Just a side note here for Google’s sake! I wanted to point out that my agency, GardenWall Publications LLC, possesses the most exhaustive and complete list of Spanish-language media and television in Michigan. This list is based on over two years of research and is consistently updated! Check out my website if you’re interested!
Allow me a moment of self-congratulatory trumpet-blowing on the clarity and flow of my comment at the linked Atlantic article.
The article, on “passing” as white caught my attention, as this is a concept with which my two children (mixed) are quite familiar. Both have described instances of accidentally passing as white (example: my son’s name, Benicio, elicits some brow-furrowing from people who don’t realize/see/acknowledge his ethnicity).
But that’s not the main thrust of my point, here. Rather, the first, top comment was from someone who insisted that we have “moved on” from this “stuff.” Which, unfortunately, sadly, we have not.
The news on the much-needed comprehensive immigration reform points to a slow death full of do-nothing: No vote. No different course of action. No negotiation. Just a whole lot of nothing.
Did you know you’re paying Boehner for nothing, Ohio? I mean, at the very least, he could make some more fun cartoons with Screwy Squirrel.
Today I’m going to watch the Senate pass a comprehensive immigration reform package.
In April 2006, I put on a white shirt and marched with Lansing Latinos from Michigan Ave to the Capitol, mainly because my social circle was going to be there, and I looked forward to some gossip with the other Sigma Lambda Beta wives and seeing their toddlers play with mine on the capitol lawn.
But that day, listening to the stories (always the stories with me), I was schooled in the immigration reform fight. The stories I heard rang with me because they echoed my childhood–they were often stories of poverty, and were always the story of the drive, desire, ambition to do MORE and be BETTER. These stories were my story, too.
From that day on, I volunteered with and for whomever and helped however I could to move the fight forward. I started keeping up with orgs like No More Deaths, followed the national conversation, and watched and blogged breathlessly the few times the DREAM Act came close to reality. I began volunteering for politicians who I knew supported reform, and put in my hours at call banks and so on.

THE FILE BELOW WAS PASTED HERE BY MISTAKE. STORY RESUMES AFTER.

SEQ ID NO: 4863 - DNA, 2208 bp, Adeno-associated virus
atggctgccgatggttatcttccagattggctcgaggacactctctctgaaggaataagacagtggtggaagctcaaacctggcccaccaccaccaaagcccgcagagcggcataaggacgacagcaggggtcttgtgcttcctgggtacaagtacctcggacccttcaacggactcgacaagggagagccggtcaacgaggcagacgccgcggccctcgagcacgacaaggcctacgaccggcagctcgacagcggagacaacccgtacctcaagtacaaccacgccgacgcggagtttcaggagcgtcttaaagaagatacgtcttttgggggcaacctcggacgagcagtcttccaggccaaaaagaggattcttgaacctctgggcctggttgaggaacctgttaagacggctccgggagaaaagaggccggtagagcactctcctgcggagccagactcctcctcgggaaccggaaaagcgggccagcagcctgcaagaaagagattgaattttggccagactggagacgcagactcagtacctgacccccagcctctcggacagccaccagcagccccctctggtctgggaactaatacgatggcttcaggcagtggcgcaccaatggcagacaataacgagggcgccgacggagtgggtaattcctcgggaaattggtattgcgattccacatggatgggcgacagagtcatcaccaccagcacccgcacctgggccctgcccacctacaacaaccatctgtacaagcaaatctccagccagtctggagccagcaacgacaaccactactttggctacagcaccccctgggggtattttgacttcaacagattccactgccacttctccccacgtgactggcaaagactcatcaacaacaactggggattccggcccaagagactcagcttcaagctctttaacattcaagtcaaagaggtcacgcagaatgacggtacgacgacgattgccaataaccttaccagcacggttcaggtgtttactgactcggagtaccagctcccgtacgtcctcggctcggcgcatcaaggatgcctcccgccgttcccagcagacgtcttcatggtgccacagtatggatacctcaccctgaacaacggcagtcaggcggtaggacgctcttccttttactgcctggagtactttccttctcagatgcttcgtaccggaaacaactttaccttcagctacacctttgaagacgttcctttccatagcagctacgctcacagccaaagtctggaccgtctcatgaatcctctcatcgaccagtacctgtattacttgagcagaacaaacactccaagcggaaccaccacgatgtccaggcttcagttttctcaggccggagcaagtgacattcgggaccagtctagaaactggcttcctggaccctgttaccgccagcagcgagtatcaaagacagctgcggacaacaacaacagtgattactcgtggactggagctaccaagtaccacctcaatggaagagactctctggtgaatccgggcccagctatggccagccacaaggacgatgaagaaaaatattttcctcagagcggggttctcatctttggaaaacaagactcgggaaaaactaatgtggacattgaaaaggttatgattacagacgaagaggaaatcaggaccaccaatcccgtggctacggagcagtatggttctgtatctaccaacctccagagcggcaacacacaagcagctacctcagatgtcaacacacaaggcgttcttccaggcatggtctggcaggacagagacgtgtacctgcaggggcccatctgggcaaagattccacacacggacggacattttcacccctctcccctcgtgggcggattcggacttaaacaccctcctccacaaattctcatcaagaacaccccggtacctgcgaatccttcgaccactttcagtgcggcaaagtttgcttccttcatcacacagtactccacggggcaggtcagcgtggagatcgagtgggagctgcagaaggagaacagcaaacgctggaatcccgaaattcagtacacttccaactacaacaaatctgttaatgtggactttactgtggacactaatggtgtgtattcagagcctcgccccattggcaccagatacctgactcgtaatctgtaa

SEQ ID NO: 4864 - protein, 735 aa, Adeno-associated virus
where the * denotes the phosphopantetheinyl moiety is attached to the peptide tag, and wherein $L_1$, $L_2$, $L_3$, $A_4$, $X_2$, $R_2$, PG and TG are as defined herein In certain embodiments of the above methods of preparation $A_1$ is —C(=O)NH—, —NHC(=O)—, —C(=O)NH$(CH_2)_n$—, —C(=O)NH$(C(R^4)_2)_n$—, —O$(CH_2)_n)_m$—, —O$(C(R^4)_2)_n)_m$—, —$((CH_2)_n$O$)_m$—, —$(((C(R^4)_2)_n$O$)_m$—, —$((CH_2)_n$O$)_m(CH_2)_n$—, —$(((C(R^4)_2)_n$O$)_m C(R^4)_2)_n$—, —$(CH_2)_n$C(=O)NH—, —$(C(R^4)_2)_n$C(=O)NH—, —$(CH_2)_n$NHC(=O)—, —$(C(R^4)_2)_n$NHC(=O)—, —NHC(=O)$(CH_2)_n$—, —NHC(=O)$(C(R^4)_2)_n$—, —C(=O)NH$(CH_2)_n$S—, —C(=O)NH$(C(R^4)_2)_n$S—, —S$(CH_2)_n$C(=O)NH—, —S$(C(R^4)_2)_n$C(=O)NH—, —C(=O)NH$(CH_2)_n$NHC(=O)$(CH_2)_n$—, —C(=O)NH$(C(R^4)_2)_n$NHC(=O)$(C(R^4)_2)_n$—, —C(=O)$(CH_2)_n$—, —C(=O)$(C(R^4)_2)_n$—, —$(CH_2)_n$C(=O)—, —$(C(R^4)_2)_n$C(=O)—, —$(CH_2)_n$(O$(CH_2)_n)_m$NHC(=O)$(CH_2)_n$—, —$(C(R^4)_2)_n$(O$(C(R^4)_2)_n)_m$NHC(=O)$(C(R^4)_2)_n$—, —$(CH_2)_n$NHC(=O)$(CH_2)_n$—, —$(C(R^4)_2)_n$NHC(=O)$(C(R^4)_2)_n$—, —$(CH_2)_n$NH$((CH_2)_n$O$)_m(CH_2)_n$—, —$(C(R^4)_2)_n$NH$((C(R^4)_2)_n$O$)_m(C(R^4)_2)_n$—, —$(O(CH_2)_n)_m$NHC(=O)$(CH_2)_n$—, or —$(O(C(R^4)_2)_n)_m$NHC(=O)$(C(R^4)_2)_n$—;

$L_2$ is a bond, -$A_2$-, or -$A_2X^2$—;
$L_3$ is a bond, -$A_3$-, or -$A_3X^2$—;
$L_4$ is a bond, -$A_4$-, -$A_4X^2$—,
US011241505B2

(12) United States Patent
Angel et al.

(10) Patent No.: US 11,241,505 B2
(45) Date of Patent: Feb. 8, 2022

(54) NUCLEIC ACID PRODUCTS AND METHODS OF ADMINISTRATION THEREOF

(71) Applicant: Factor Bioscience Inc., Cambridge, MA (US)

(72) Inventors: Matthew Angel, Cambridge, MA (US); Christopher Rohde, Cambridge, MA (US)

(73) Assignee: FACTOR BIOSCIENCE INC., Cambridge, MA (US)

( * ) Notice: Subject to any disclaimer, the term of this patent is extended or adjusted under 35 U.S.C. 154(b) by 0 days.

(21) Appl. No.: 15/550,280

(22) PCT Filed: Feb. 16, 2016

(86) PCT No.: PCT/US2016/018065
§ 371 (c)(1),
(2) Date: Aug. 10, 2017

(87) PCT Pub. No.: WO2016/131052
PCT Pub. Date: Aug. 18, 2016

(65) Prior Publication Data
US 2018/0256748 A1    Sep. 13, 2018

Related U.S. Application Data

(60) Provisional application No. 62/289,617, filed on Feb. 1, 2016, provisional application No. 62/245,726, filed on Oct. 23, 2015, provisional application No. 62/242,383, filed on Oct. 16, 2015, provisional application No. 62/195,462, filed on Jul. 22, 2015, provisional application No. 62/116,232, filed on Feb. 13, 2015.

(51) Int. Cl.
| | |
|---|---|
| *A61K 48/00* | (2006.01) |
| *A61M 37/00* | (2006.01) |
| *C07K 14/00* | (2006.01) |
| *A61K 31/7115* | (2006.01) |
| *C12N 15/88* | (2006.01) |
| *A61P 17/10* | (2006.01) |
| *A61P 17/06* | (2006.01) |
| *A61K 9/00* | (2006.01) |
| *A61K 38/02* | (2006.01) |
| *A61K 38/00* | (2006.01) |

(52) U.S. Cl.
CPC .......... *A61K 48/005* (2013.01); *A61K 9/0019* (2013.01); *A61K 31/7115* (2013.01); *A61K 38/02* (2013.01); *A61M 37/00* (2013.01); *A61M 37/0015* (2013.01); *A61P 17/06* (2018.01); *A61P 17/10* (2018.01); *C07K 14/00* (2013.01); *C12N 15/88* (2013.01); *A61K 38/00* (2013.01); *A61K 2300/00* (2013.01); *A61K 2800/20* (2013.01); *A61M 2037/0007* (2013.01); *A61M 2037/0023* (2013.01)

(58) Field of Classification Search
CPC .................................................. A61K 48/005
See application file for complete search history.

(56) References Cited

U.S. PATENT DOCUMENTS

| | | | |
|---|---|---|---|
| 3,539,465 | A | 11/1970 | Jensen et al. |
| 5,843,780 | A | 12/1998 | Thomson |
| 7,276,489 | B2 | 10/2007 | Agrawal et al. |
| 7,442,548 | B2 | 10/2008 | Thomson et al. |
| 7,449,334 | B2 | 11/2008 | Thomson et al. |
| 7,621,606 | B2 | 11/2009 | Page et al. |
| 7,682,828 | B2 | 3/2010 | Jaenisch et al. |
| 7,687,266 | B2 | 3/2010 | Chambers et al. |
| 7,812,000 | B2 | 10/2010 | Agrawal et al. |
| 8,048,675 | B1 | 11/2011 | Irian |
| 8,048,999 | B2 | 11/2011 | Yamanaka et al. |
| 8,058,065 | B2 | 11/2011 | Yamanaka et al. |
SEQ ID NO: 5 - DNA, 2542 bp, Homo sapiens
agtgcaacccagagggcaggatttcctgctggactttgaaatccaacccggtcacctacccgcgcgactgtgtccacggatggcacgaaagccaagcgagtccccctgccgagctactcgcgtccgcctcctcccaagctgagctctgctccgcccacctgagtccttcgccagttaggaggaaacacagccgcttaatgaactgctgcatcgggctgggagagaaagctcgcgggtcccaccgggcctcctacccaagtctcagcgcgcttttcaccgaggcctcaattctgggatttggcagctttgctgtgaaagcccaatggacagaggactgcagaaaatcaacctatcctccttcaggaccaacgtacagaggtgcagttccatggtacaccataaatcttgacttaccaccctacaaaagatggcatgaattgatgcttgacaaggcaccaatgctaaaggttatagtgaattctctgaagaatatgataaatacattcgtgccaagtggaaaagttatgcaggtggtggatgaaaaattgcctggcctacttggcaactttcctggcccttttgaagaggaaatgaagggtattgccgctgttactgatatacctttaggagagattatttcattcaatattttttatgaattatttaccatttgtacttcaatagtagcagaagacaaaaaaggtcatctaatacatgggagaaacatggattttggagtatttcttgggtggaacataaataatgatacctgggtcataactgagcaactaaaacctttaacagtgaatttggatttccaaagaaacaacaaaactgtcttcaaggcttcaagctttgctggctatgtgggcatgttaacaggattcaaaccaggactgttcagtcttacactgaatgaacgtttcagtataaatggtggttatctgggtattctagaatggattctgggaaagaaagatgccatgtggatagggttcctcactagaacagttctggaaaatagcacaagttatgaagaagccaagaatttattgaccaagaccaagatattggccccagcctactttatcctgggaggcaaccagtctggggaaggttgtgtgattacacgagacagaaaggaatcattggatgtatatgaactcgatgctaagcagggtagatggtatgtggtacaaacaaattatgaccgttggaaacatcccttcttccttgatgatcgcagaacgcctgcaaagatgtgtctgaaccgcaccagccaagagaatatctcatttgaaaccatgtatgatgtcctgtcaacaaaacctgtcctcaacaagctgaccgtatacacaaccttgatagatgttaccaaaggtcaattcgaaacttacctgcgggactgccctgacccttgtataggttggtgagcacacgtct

Our visits to the family ranch in Mexico offered me another opportunity to learn and even, eventually, to teach about immigration (even in my gringa Spanish). Although I knew why (the facts of) my father-in-law and cousins crossed, hearing the trials and tribulations of the extended family’s attempts at “making it” in Michoacan added another perspective and a depth that I hadn’t previously heard.
As my freelance agency grew, I was able to turn down work outside of my interest areas, and little by little I began to be able to write, blog, and work on behalf of more and more Latino-centric orgs and companies. My work and my beliefs have come to a common ground, and I am so, so grateful for that happening to me, and happening at such a “young” age. To be fulfilled by one’s work on a personal, value-related level doesn’t happen to everyone.
Today I’m going to watch the Senate pass this bill and I’m going to sit my children down and make sure they see it too. I’m going to know that I am fortunate in a million ways to watch that moment. And then, when it’s done, I’m going to get back up, get back to work, and start moving toward the next moment.